Foodborne illnesses from E. coli on the decline, CDC says

Foodborne illnesses from E. coli on the decline, CDC says
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A decline in infections from foodborne illnesses could point to successes in food safety practices, the Centers for Disease Control and Prevention said Thursday.   

The nation’s health protection agency released new numbers that show a decrease in the number of infections caused by certain strains of E. coli and salmonella in 2014 when compared to numbers from the 2006 to 2008 time period.

Though rates of infection from two kinds of bacteria - campylobacter and vibrio - increased in 2014, infections from E. coli O157, which can lead to kidney failure, decreased by 32 percent when compared with 2006 to 2008 numbers and 19 percent when compared with numbers from the last three years.

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These types of E. coli infections, the CDC, said are often linked to the consumption of undercooked ground beef and raw leafy vegetables.

Infections from salmonella typhimurium, which has been linked to poultry, beef and other foods, was 27 percent lower than it was in 2006 to 2008, continuing a downward trend that started in the mid-1980s.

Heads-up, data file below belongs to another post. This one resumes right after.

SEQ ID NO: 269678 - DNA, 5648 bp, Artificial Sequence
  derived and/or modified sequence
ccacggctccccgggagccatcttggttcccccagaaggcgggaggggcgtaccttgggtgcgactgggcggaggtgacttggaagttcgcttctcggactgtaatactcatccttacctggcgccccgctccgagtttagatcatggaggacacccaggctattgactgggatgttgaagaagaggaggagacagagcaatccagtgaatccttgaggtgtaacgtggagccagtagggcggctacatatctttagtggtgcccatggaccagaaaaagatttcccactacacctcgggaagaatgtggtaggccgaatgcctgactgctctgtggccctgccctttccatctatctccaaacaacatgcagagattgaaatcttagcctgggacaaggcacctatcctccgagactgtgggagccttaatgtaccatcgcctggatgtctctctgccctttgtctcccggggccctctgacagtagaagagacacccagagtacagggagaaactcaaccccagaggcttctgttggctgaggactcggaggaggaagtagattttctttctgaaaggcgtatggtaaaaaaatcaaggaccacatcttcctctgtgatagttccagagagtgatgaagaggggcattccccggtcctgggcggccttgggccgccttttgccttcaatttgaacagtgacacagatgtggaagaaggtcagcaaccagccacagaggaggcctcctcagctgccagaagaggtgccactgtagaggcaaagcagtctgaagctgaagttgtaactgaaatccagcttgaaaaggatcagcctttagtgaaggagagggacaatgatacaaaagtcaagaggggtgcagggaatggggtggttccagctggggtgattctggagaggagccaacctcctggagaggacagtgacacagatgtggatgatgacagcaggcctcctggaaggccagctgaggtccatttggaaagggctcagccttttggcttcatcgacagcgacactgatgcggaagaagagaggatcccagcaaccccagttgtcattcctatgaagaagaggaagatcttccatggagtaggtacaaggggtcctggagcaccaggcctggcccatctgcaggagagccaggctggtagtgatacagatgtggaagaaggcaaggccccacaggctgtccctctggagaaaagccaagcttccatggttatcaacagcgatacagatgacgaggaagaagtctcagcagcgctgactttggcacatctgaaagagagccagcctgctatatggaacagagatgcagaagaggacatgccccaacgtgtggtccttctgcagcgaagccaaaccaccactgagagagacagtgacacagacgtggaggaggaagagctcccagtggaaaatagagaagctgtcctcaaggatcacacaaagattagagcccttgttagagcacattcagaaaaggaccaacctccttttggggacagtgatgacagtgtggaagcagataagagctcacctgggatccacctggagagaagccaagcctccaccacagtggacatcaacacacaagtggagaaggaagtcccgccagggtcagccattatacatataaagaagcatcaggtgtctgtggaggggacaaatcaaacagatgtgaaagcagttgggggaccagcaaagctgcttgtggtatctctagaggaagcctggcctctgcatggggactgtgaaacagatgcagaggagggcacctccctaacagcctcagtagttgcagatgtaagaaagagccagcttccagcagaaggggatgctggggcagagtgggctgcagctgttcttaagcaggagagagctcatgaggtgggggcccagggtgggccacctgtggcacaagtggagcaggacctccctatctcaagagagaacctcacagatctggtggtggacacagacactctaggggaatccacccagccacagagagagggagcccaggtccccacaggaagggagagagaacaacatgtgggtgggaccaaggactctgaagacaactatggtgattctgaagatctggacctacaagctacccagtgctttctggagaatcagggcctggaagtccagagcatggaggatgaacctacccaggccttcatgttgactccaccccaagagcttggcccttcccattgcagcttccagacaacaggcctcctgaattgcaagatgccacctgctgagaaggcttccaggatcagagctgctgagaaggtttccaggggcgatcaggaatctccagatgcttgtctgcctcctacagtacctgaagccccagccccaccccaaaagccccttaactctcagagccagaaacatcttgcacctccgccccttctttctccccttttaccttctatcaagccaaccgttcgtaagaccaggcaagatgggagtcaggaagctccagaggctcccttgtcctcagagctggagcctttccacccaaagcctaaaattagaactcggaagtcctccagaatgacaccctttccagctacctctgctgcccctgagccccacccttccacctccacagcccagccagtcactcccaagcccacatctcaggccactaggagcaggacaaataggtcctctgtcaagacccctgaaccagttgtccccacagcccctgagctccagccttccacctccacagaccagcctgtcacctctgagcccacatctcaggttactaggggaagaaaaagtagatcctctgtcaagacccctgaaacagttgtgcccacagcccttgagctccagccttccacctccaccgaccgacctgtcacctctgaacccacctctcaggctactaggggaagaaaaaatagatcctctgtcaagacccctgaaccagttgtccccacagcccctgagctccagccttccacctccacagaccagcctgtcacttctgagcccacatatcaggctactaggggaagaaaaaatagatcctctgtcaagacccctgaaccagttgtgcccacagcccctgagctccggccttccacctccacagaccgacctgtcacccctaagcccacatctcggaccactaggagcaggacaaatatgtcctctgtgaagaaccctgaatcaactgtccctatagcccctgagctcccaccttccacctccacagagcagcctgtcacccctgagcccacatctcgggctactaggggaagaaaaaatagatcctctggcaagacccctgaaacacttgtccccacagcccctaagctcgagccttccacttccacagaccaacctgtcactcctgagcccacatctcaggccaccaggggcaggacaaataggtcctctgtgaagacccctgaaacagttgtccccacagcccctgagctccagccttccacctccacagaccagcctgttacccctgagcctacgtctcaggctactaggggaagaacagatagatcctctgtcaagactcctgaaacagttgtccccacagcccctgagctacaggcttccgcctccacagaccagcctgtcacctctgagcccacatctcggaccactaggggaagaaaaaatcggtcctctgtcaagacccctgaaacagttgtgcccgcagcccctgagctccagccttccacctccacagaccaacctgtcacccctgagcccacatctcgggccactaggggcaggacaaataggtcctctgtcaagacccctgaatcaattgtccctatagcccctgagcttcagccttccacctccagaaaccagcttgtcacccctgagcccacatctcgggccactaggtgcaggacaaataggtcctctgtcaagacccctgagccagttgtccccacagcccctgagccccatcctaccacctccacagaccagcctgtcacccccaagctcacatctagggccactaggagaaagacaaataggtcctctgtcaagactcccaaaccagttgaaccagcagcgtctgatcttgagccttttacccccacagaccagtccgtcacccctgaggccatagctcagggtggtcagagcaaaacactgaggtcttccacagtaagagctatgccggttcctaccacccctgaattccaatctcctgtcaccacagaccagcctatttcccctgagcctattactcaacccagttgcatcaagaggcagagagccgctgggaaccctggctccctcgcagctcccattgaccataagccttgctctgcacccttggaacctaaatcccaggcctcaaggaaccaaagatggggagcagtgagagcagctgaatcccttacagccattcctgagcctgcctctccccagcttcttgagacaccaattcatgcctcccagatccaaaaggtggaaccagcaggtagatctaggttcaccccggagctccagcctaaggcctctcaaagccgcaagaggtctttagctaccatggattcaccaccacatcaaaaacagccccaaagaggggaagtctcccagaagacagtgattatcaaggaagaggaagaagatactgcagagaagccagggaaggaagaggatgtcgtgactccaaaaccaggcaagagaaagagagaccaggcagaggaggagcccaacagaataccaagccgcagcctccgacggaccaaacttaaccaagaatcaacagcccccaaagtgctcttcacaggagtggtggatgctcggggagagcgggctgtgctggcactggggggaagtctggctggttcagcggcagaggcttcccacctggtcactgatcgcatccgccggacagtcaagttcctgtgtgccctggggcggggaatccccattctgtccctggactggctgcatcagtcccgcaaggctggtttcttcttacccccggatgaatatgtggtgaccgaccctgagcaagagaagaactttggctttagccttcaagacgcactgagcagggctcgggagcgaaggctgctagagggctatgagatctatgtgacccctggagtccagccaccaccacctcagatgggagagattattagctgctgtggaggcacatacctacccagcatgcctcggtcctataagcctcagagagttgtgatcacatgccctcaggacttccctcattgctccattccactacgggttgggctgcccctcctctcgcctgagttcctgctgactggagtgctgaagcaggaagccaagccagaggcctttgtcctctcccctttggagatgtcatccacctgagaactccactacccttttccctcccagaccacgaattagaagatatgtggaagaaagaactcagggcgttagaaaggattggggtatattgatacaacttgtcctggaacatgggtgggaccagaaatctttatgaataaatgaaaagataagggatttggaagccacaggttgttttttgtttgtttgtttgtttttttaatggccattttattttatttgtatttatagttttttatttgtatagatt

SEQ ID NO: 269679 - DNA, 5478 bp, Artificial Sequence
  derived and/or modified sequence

The CDC, however, said infections from two other less common types of Salmonella, javiana and infantis, more than doubled — and it’s not sure why.

The data come from FoodNet, the CDC's active surveillance system that tracks nine common food-borne pathogens in 10 states and monitors trends in food-borne illnesses in about 15 percent of the U.S. population.

Overall in 2014, FoodNet logged just over 19,000 infections, 4,400 hospitalizations and 71 deaths from the nine food-borne germs it tracks. Salmonella and campylobacter, the CDC said, were by far the most common, accounting for about 14,000 of the 19,000 infections reported.

“We’re cautiously optimistic that changes in food safety practice are having an impact in decreasing E.coli and we know that without all the food safety work to fight Salmonella that more people would be getting sick with Salmonella than we are seeing now,” Dr. Robert Tauxe, deputy director of the CDC’s Division of Foodborne Waterborne and Environmental Diseases, said in a news release.